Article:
Thursday, March 25, 2010
Guest Blog by Pat Davis: Limiting Access to Criminal Records Keeps Community Unsafe
This is a guest blog by Pat Davis, who is a Democratic primary candidate for Bernalillo County Sheriff. Currently, he serves as the Public Information Officer with the Bernalillo County District Attorney's Office.
“A small business employer will no longer be able to conduct a simple court record search to learn if a prospective new employee is facing embezzlement charges from her last job. A woman who just met “Mr. Right” will never know if he has been previously arrested for domestic violence or is on probation for drug or weapons offenses.”
On Monday, March 11, Robert Montoya allegedly walked into the office of an Albuquerque attorney and confessed to the senseless double murder of his ex-girlfriend and her new boyfriend in their Southeast Albuquerque home. Since that gruesome disclosure, police officers, court officials, reporters and the public have begun to question how the system failed a victim who did everything we ask when confronted with a stalker with demonstrated violent intent.
The simple fact is, the system failed, and two families now shoulder the burden of trying to rationalize a senseless act.
One issue that those of us in the criminal justice system have been aware of for too long is the inconsistent way in which different agencies in the criminal justice system, from law enforcement to courts to corrections, share information about those charged with crimes. By all appearances, officials who initially set conditions of release for Montoya were not fully aware of his previous stalking and arson convictions from Las Cruces, and therefore were unable to recognize the disturbing pattern of behavior that was developing between Montoya and his latest love interest.
In the interest of protecting individual privacy, our criminal justice system is moving away from making records regarding criminals easily available to the public.
The New Mexico Supreme Court recently announced a new rule for the filing of documents in criminal cases. Beginning July 1, 2010 personal information identifying accused criminals will no longer be available to the public. While the court will maintain a separate file with that information, a small business employer will no longer be able to conduct a simple court record search to learn if a prospective new employee is facing embezzlement charges from her last job. A woman who just met “Mr. Right” will never know if he has been previously arrested for domestic violence.
While I can appreciate the importance of protecting our individual information, the trend in New Mexico goes too far. If a court believes that there is sufficient evidence to charge a person with a crime, then the public should have access to the same information. The public has a right to know who is arrested, the status of their case and be able to make an informed decision about those who we associate with.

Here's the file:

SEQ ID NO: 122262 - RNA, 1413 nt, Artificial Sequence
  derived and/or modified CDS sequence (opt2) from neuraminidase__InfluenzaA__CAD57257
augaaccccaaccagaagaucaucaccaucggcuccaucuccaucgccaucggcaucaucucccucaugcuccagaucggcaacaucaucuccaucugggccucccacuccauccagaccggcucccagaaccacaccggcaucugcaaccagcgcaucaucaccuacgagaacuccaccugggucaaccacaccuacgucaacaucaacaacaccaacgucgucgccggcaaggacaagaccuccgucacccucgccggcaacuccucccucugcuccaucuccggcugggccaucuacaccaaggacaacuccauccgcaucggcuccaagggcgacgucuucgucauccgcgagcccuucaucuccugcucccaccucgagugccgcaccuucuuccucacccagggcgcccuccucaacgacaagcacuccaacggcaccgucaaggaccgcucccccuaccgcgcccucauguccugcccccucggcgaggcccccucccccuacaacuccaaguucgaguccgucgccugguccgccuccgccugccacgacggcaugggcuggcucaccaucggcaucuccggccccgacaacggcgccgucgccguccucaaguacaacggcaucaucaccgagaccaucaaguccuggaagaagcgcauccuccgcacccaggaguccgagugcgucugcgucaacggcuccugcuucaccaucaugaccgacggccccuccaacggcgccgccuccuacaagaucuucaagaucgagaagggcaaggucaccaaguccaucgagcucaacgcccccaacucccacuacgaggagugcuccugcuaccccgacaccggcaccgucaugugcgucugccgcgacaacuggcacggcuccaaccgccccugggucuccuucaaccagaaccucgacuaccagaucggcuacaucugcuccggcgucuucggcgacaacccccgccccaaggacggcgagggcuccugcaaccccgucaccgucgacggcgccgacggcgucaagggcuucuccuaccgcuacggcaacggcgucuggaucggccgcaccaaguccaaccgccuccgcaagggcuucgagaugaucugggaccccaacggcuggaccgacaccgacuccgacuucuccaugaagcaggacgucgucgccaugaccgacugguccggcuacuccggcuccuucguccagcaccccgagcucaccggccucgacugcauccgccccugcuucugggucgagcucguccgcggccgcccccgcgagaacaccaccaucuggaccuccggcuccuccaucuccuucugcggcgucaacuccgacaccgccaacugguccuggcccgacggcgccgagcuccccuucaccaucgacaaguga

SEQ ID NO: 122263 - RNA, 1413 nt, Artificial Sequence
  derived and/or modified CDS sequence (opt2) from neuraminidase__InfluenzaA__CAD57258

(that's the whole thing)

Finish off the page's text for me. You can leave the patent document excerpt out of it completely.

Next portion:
Several years ago, the courts made information about protection and restraining orders private, in part because of concern for disclosing sensitive information about the victims. Unfortunately, this also protected the abusers whose prior abusive histories are no longer available to new suitors. Perhaps, had Robert Montoya’s previous protection orders been public and available to Stefania Gray or her family, she could have avoided him before it was too late.
Having worked both on the streets as an officer and in the courts as an advocate, I have come to recognize that the criminal justice system serves a purpose larger than simply putting the bad people in jail. We have a greater obligation to protect the public by preventing victimization.
As Sheriff, I will be committed to making criminal records available to those who need them, and I will be committed to continue to be an advocate for solutions that protect our community. Bernalillo County deserves a Sheriff who will take a stand against the criminals and for our neighbors. We deserve a Sheriff who understands the problems we face right now, and we deserve a sheriff who will take a stand right now. That is the right sheriff for right now.
Learn more about this campaign at SheriffPat.org.
This is a guest blog by Pat Davis, a Democratic primary candidate for Bernalillo County Sheriff. Davis brings a diversity of experience to the race and the position. As a police officer in Washington, DC on 9/11, and more recently as a Lieutenant with the UNM Police Department, he was recognized for innovative approaches to law enforcement, especially in the use of new technology to fight crime and improve communication with the community.
Currently, he serves as the Public Information Officer with the Bernalillo County District Attorney's Office. The youngest New Mexican to be nominated to the FBI National Academy, Pat also holds a Master's Degree in Criminal Justice from New Mexico State University.
Finally - someone with some common sense approaches to how to make the system work for the people and not the criminals. This is a man who deserves our attention.
Posted by: Chuck Wilhelm | Mar 25, 2010 11:13:38 AM
We're lucky to have such an intelligent and thoughtful candidate for Sheriff. He needs and deserves our support.
Posted by: Will | Mar 25, 2010 12:03:44 PM
I think a good programmer could take the electronic records and program an automatic blanking of some kind of any reference to the victim before the records were released to the general public.
Posted by: Ellen Wedum | Mar 26, 2010 8:07:13 AM